Submitted by devind on May 5, 2010

A piece of irony

I find myself lately having to resist the compulsion to correct those around me when I hear the term ignorant used in the wrong, ever-persisting way. Example:

“What a loser: he just tripped himself playing soccer!”

“Uggh, jerk, don’t make fun of him! You’re ignorant.”

(sometimes pronounced “ignert” in my local area)

Anyone else happen to run into this problem as frequently as I do?

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no you suck

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One of the entries in the OED for "ignorant" is "5. dial. and colloq. Ill-mannered, uncouth."

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Joke's on you. "Ignert" is a colloquial form, frequently pronounced that way to invoke the dialect, as goofy pointed out.

i.e. In an "ironic" twist, if you point out someone using/pronouncing "ignorant" wrong, you'll end up looking "ignert."

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That's ignorant.

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"No. That's ignorant... you're ignorant." - South Park's Michael Jackson.

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I get this often as well. While many seem to be correcting you for this, I personally find it to be incorrect to say ignorant in that way; you are not unaware of anything. If ignorant can mean uncouth, then you are the wrong one, but, for the most part, I think that you are, in fact, correct.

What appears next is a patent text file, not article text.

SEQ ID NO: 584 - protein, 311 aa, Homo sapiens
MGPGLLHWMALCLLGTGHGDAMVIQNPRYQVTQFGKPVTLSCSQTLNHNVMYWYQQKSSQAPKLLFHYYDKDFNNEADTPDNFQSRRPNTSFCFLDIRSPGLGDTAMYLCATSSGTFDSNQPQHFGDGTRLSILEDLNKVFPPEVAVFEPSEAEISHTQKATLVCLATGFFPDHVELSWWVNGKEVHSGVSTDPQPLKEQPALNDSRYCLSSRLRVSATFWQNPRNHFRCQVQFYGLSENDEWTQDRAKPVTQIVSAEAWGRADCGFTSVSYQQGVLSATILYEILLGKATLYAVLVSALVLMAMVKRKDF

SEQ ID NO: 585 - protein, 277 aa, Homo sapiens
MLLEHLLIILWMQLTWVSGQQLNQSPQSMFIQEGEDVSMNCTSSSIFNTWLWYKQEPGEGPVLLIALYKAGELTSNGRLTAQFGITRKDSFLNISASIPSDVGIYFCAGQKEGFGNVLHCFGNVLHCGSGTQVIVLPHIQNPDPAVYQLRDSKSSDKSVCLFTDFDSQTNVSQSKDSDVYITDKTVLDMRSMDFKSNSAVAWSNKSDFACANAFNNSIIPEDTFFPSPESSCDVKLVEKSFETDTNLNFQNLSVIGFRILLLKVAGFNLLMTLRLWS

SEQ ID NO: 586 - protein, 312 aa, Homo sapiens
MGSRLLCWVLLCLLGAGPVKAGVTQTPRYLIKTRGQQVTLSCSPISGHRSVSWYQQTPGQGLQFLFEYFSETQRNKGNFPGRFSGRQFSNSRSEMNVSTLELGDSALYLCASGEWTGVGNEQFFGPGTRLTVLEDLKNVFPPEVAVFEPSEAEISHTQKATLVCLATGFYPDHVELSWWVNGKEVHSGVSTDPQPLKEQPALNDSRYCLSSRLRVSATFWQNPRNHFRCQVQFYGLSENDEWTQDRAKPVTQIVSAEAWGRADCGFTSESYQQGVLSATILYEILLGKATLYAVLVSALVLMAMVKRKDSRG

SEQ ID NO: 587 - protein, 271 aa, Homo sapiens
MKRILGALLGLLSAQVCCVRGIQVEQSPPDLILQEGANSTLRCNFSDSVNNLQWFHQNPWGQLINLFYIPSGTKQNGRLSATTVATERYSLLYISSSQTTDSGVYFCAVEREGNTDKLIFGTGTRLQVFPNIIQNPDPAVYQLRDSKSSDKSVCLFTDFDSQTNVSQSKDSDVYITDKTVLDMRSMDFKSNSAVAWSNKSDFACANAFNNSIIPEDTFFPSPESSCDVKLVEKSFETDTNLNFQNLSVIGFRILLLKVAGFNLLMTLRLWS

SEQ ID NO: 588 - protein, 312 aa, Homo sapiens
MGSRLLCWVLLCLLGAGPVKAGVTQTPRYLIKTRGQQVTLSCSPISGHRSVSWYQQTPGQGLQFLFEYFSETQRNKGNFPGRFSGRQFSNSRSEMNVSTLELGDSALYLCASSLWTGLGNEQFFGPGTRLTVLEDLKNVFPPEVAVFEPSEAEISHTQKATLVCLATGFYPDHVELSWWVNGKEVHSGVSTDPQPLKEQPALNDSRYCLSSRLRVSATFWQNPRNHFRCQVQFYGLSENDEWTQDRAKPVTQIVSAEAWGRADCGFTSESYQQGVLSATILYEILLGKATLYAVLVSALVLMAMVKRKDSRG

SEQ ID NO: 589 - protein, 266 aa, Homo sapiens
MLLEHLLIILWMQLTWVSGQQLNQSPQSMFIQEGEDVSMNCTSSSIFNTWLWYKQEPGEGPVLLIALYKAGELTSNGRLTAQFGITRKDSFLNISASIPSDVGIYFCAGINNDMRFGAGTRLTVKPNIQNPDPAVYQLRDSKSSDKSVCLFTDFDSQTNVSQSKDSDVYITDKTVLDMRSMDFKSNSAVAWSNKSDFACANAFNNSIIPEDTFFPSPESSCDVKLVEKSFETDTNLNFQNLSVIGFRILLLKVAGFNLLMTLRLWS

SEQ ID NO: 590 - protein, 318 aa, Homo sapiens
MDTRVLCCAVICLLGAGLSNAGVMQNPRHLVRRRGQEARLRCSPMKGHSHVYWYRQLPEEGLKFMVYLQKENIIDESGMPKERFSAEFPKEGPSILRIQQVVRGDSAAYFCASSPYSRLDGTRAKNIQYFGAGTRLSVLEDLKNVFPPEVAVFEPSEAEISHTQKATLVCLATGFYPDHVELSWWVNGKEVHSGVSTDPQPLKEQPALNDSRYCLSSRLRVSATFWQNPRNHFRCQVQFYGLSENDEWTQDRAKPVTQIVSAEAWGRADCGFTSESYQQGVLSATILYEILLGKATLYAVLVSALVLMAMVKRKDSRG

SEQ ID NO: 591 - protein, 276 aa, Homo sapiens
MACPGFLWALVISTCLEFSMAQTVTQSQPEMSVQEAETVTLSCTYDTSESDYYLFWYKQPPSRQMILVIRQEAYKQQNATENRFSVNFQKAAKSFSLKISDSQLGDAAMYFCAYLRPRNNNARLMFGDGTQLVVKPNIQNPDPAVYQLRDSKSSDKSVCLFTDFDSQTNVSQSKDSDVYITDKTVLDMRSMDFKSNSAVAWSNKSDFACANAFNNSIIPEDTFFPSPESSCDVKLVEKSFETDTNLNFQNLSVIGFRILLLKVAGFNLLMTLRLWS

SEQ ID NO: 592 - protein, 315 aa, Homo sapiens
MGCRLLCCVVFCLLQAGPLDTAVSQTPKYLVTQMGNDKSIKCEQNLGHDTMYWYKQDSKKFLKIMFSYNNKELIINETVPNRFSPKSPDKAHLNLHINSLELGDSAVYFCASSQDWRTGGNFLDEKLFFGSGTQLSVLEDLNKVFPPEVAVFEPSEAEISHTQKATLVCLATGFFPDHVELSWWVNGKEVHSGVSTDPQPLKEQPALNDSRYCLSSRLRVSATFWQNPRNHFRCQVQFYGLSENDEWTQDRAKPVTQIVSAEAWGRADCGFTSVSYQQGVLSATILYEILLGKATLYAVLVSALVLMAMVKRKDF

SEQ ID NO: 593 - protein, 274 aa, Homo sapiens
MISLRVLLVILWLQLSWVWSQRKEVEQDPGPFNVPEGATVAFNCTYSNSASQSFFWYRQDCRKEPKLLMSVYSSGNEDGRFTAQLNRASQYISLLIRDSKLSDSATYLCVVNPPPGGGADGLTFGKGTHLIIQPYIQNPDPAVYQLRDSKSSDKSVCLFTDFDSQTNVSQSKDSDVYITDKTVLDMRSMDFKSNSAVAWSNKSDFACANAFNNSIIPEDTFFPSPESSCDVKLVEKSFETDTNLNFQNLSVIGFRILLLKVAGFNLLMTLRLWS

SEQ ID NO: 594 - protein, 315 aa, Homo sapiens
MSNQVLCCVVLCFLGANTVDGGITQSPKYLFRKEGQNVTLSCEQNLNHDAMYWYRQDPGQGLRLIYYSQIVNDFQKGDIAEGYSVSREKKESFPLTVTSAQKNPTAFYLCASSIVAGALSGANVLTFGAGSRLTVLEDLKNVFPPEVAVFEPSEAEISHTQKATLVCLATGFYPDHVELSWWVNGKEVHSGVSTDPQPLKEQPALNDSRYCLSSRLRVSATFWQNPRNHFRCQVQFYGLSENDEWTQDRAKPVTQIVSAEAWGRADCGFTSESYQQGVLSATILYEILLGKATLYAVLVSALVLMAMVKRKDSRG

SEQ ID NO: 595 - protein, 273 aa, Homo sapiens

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Sometimes i feel like i'm the only one that notices this. "Ignernt" is not a synonym for rude. People need to learn that.

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Merriam-Webster Online defines 'ignorant' as: "lacking knowledge or comprehension of the thing specified." Which sounds pretty close to the usage of the word in your soccer example. The word may be being over-used; this happens. But it's just slang.

I think 'ignorant' is a vogue word, to use Garner's appellation. It, like 'random' and 'radical,' will pass. It is not "ever-persisting." Resist the "compulsion to correct." People will think you random.

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Really? I would think it more likely that they would believe me to be a "radical" grammar enthusiast.

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They might believe that. Or they might think you a noodge.

Seriously, there are few situations, other than parent-child or student-teacher or editor-writer, where correcting another persons grammar is welcomed. (Not that it's especially welcomed in these.) If you have understood the speaker then the grammatical gaffe has not been deleterious. If the speaker's grammar is so bad as to hinder comprehension, the polite action would be to ask for clarification, not to torch his car. (I speak metaphorically, of course. You brought up the "radical" thing.)

The purpose of language is communication. Interruptive nit-pickery hampers that.

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